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Devarim - Devarim

We have arrived at the book of Devarim, literally “words”. Moshe, the man who we noted in parashat Chukat said לֹא אִישׁ דְּבָרִים אָנֹכִי “I am not a man of words”, suddenly cannot stop speaking.

However the Latin name for Devarim, is Deutoronomy, meaning “second law”, which is derived from another Hebrew name for the book, “Mishneh Torah” - second Torah (or second law or teaching), because in this book Moshe summarises the story of the people to date.

But curiously, Devarim is far from being a recap of the first four books of Torah. Nothing is repeated from Bereishit. Very little is repeated of the big features we might expect (there is no Exodus from Egypt here, no mention of the Mishkan). Scholars have suggested that instead, Moshe tells a version which the people actually need to be reminded of - the journeys, the struggles, the victories.

Underlying everything is a threefold agenda: first, the people can’t mess up in the way they’ve already messed up. Next, to think practically about how to set up a society in Eretz Yisrael. And last, an attitude of “yes we can”!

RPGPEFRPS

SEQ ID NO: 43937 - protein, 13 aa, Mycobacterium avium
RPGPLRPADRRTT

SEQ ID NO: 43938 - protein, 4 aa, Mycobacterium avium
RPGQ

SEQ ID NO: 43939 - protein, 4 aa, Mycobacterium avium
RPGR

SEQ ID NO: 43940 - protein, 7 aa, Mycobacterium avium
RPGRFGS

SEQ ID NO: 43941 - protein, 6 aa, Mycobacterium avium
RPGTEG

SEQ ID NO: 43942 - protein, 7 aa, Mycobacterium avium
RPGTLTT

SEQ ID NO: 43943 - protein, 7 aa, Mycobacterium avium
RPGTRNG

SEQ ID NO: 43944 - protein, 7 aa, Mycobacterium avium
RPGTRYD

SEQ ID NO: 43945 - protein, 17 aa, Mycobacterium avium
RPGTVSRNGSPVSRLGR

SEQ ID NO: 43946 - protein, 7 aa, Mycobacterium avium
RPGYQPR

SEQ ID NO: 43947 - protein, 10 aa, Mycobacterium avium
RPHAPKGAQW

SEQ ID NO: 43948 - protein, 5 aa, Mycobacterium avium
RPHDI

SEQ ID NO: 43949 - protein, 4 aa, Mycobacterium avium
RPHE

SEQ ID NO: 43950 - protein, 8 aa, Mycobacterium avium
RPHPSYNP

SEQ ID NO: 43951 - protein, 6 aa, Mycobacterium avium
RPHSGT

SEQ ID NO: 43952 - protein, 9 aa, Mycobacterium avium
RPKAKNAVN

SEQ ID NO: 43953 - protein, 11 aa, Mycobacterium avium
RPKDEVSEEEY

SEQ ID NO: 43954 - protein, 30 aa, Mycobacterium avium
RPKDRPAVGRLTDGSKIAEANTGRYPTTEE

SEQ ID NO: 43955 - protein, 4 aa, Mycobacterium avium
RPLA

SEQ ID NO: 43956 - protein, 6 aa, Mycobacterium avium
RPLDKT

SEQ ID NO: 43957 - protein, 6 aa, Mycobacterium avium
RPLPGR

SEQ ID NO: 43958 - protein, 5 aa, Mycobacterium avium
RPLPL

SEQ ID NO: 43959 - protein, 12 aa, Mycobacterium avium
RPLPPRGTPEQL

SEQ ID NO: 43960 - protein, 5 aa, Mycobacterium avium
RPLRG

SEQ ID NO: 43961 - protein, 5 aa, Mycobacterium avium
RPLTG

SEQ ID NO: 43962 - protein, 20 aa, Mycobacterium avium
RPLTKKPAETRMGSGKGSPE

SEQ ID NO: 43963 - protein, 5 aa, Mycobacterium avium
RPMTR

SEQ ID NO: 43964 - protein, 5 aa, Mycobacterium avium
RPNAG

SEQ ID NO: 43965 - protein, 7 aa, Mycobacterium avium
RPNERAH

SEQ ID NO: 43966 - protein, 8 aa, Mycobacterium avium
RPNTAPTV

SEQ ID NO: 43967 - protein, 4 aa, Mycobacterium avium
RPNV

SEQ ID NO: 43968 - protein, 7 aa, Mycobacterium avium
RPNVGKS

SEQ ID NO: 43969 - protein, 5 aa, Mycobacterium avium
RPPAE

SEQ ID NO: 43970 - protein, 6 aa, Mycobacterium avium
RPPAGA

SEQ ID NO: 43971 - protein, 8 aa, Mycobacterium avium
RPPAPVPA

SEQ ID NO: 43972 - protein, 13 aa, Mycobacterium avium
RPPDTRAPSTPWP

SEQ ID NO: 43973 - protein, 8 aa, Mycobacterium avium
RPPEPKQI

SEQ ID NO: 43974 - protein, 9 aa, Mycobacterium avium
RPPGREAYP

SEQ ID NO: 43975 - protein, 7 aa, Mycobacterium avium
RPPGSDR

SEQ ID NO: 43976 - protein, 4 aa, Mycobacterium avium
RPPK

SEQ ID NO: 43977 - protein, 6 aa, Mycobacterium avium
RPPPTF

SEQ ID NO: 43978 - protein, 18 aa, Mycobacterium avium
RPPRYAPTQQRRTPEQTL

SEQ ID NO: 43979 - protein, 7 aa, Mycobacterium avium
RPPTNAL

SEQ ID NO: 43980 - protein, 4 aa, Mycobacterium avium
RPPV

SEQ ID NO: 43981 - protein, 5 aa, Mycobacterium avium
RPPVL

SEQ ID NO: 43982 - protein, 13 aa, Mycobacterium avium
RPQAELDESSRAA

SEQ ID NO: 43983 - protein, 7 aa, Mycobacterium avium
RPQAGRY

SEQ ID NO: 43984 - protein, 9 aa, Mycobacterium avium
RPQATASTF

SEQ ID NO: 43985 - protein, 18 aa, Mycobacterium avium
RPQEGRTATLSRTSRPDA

While we’ll see all these themes play out in the coming weeks, I’d like to focus in on one moment that Moshe somewhat surprisingly chooses to include:

“Thereupon I said to you, “I cannot bear the burden of you by myself… How can I bear unaided the trouble of you, and the burden, and the bickering!” (Devarim 1:9-12)

Here Moshe retells the episode of his father in law Yitro insisting that he delegate more and carry less of a burden, but it is also reminiscent of the number of breakdowns that Moshe experiences (“...I cannot carry all this people by myself, for it is too much for me. If You would deal thus with me, kill me rather, I beg You, and let me see no more of my wretchedness!” Bemidbar 11:14-15).

Why would Moshe choose to omit the Exodus from Egypt yet include his own crisis in this re-telling? Rav Alex Israel, who has taught our community, has the beautiful idea that Moshe was communicating his own dispensability. In this book, Moshe’s swansong, when he could easily have glorified the memories that the people would have of him, Moshe instead choses vulnerability. And his purpose, suggests R.Alex, is to prepare the people for a future without him.

Sometimes we re-tell stories to give new meaning to the past in light of the approaching future.

After Shabbat we will sit on the ground in our garden (all welcome but because of the mourning customs of Tisha b’Av, it’s the only day of the year where you will not receive an explicitly warm welcome at Kehillat Nashira!) and we will read the book of Eicha by candlelight. The Megilla is devastating in its tales of failure and suffering, but its closing words are: השיבנו יהוה אליך ונשובה חדש ימינו כקדם “Take us back, O LORD, to You, And let us come back; Renew our days as of old!”

Both in Devarim and in Eicha, we use stories to look back on our past, to shine light on our present, and ultimately to pave the path for a better future.


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